What a Little Black Dress Can Teach Brand Managers About Social Media Marketing
Social Media Marketing is the new black. A worn out phrase, yet it expresses the zeitgeist.
Social Media is a trusted media today, it’s not a fad. Today it’s as necessary in a brand manager’s marketing mix as the little black dress is in any womans wardrobe.
But the similarities don’t end there. Let me explain:
According to Wikipedia, fashion historians ascribe the origins of the little black dress to the 1920s designs of Coco Chanel, intended to be long-lasting, versatile, affordable, accessible to the widest market possible and in a neutral color. Its ubiquity is such that it is often simply referred to as the “LBD”.
As a dress person myself, I totally think the black dress should be the basic in every womans wardrobe. If a woman would be allowed to one piece of clothing only, she should go for the black dress. A black dress has saved me many times when I haven’t been sure of what to wear at the occasion. (Still, I’m always hunting for the ultimate, perfect black dress, but that’s another story. Don’t let us dwell into the psychology of female shopping).
The same applies to social media in a brand managers marketing mix. In the world we know today, social media marketing is the thing. It’s a cornerstone when it comes to promoting products or services, but it also requires certain new skills which I described in my post “8 Reasons Why You Need a Social Media Whisperer in Your Marketing Team“.
3 benefits of a little black dress a brand manager can apply to social media marketing
Social Media Marketing is a Trusted Source
Since 33 % of the Americans follow a brand on social networking sites (socialnomics.net) and 79 % of them are likely to recommend a brand they follow and since 90 % of consumers trust peer opinions (blog.nielsen.com), a well-crafted social media marketing campaign will have a huge impact, both on reach and sales.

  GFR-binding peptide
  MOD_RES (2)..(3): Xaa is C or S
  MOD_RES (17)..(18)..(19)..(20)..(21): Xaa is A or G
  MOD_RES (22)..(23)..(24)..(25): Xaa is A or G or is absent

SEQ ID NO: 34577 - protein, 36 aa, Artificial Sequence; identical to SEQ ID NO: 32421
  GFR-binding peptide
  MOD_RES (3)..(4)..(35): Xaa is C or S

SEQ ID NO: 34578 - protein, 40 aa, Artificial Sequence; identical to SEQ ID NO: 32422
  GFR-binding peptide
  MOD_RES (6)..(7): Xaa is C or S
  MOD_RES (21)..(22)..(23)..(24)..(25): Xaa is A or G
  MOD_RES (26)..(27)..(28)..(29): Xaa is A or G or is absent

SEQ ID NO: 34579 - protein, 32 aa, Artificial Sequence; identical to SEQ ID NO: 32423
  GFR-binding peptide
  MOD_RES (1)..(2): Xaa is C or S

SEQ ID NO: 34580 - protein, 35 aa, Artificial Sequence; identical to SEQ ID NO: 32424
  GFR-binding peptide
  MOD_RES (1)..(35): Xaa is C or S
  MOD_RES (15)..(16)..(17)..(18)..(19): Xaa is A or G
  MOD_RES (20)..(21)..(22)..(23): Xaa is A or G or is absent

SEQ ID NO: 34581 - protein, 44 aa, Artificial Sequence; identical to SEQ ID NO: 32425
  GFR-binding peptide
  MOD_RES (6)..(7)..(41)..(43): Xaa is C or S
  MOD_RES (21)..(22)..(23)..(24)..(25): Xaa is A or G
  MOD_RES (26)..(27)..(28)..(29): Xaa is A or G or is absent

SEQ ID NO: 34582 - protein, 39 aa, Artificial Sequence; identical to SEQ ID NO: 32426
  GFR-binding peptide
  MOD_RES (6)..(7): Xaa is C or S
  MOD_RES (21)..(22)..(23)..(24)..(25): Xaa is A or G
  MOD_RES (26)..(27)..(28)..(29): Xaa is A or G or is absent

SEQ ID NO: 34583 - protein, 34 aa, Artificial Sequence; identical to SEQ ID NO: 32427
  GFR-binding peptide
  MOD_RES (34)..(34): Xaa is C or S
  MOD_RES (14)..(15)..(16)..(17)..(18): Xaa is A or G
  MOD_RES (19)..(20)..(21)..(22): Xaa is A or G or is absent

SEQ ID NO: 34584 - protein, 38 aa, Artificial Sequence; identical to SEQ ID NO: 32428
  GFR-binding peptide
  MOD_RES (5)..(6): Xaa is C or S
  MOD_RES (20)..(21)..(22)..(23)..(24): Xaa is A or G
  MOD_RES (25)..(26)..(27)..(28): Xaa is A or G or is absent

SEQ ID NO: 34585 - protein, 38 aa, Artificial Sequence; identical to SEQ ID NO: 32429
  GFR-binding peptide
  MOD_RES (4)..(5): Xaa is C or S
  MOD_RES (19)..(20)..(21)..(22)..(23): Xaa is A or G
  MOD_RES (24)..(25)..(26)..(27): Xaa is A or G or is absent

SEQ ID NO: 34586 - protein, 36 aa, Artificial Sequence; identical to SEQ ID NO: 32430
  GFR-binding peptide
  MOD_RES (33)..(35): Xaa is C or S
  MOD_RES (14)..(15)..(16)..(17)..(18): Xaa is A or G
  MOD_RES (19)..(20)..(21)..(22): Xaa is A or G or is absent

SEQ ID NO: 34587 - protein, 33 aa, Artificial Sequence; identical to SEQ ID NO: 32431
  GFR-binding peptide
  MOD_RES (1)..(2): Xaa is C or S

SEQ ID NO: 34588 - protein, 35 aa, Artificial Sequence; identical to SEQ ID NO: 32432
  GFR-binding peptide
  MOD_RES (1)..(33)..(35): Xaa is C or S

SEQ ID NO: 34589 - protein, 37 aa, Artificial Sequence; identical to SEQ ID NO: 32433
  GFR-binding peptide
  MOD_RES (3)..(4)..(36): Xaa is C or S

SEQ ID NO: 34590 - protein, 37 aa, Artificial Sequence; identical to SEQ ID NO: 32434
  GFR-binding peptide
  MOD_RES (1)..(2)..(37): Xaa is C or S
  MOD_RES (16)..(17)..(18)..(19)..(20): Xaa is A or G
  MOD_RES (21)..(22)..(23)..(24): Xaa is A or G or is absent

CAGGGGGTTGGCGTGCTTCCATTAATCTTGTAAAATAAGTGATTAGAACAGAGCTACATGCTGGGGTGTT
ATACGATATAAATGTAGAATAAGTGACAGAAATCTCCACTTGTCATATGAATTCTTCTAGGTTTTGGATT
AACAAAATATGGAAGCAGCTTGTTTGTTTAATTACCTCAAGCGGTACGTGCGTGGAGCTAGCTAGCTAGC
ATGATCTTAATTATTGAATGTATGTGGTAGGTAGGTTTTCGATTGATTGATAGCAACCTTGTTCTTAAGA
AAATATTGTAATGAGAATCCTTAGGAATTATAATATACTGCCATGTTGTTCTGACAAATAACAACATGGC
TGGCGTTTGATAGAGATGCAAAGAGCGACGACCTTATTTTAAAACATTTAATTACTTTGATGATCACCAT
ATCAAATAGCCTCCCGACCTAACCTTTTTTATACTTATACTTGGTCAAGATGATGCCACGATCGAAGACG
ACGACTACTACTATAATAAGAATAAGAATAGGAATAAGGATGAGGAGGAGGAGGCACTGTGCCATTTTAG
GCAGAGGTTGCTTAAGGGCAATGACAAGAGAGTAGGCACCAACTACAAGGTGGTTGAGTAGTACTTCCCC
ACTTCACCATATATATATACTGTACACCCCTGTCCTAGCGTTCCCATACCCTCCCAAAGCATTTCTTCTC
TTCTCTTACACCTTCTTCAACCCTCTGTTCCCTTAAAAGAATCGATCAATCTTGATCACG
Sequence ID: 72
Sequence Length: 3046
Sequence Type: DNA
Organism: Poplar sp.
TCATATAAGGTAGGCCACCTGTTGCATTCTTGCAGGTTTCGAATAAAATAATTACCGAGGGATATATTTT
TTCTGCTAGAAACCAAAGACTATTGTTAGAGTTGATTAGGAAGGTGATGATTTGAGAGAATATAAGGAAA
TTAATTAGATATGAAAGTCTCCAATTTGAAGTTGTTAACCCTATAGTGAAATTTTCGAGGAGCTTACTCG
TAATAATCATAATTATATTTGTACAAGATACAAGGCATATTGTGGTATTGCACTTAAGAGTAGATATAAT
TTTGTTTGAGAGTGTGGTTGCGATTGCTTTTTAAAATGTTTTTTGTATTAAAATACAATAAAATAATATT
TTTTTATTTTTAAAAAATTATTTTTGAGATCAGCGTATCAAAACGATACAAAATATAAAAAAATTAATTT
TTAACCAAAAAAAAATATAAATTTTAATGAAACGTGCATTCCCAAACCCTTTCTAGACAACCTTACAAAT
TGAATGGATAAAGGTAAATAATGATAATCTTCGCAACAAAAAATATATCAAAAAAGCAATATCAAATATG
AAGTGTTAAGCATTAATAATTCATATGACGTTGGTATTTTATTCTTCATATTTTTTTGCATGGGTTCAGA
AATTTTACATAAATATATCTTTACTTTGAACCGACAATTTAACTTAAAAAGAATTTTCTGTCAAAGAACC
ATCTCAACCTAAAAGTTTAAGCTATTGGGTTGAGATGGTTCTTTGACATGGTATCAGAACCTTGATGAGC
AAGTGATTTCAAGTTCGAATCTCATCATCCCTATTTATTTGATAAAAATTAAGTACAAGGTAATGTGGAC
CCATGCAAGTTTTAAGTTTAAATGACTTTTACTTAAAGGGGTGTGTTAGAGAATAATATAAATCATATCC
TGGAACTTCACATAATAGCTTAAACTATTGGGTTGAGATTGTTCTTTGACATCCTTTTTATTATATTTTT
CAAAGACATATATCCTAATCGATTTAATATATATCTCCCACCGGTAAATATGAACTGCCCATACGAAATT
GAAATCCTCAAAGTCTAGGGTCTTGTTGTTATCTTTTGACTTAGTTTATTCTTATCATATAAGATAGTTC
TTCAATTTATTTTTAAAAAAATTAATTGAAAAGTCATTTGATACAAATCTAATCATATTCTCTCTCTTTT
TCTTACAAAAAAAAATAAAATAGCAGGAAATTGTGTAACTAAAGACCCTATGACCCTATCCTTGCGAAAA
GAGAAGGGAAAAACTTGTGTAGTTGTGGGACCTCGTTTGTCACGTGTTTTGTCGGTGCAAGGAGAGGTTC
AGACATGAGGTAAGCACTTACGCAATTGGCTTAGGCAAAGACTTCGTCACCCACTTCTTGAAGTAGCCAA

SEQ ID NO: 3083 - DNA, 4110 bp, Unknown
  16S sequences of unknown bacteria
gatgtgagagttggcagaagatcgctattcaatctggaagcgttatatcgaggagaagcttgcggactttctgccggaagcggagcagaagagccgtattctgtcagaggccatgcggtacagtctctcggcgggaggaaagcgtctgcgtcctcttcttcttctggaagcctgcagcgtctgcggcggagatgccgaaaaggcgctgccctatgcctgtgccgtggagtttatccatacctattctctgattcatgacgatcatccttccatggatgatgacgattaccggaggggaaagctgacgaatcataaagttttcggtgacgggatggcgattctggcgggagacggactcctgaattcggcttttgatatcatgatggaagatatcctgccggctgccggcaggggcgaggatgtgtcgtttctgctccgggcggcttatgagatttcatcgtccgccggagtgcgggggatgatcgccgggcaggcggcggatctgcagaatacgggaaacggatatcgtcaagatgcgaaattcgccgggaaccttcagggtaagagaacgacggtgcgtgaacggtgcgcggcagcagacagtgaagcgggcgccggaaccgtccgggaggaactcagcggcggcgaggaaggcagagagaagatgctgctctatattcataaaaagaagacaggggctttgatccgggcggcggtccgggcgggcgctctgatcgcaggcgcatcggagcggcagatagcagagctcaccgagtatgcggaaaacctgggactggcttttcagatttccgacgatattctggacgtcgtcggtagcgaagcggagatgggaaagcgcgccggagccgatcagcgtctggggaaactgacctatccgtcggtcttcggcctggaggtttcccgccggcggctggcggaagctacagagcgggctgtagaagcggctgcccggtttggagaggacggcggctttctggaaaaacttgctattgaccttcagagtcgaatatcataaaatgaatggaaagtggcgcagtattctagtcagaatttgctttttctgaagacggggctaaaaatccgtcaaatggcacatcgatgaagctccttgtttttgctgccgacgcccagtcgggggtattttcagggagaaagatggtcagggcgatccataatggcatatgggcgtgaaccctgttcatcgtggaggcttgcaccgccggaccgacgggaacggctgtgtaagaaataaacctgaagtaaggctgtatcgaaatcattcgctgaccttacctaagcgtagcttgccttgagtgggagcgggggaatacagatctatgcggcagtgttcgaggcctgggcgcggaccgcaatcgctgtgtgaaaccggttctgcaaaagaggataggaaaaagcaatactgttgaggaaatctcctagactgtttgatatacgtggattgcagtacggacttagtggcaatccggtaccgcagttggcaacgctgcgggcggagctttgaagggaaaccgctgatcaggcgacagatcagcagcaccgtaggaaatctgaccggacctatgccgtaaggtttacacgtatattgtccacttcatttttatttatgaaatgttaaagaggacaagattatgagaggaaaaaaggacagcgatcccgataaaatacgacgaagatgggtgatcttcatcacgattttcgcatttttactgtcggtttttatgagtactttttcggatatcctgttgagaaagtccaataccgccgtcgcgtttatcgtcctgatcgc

It’s not complicated. No one say they got a crappy thing to sell, right? All companies say they have the best, most useful thing for me. I probably don’t need their stuff, but they all try to convince me, more or less successfully, that I do. So, since I know some of them (perhaps even most of them) are lying, my friends opinions about a product will matter a lot more than a company who just want to make a profit.
It’s about trust. A person who recommend something without personal gain, is of course more trustworthy than someone paid for telling me. That’s why a product or brand being recommended by people on social media is much more trusted. Just like a woman always can trust her little black dress, a brand manager should rely on social media just as much. Social media is one of the cornerstones in a brand’s marketing mix.
And to be trusted, you may not write about your brand. You should focus about adding value to your customers lives, not annoying them with your sales pitch. Andrea Cook says in her post 4 Rules for Today’s Social Business Journey that you should publish the kind of content that educates, informs, reaches, attracts, retains and influences the market. She refers to a great example of brand storytelling from the book Content Marketing by Robert Rose: